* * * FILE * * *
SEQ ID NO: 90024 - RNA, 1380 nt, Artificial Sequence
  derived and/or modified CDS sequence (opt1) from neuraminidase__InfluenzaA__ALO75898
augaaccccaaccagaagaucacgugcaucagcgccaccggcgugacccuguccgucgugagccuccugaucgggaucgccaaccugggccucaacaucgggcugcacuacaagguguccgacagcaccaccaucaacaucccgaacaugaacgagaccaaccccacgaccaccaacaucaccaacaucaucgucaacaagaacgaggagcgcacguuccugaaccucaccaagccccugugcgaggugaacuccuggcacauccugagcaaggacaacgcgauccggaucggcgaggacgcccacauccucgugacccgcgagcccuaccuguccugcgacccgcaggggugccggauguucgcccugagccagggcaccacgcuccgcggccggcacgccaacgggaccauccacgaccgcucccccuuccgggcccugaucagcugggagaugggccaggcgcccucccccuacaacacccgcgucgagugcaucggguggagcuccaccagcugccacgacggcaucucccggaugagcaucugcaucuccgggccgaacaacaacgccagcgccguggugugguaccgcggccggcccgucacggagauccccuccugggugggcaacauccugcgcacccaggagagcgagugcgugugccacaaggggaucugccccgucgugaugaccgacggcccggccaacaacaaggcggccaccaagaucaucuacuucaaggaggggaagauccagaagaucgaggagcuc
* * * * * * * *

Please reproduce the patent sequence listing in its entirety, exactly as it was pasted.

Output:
SEQ ID NO: 90024 - RNA, 1380 nt, Artificial Sequence
  derived and/or modified CDS sequence (opt1) from neuraminidase__InfluenzaA__ALO75898
augaaccccaaccagaagaucacgugcaucagcgccaccggcgugacccuguccgucgugagccuccugaucgggaucgccaaccugggccucaacaucgggcugcacuacaagguguccgacagcaccaccaucaacaucccgaacaugaacgagaccaaccccacgaccaccaacaucaccaacaucaucgucaacaagaacgaggagcgcacguuccugaaccucaccaagccccugugcgaggugaacuccuggcacauccugagcaaggacaacgcgauccggaucggcgaggacgcccacauccucgugacccgcgagcccuaccuguccugcgacccgcaggggugccggauguucgcccugagccagggcaccacgcuccgcggccggcacgccaacgggaccauccacgaccgcucccccuuccgggcccugaucagcugggagaugggccaggcgcccucccccuacaacacccgcgucgagugcaucggguggagcuccaccagcugccacgacggcaucucccggaugagcaucugcaucuccgggccgaacaacaacgccagcgccguggugugguaccgcggccggcccgucacggagauccccuccugggugggcaacauccugcgcacccaggagagcgagugcgugugccacaaggggaucugccccgucgugaugaccgacggcccggccaacaacaaggcggccaccaagaucaucuacuucaaggaggggaagauccagaagaucgaggagcuc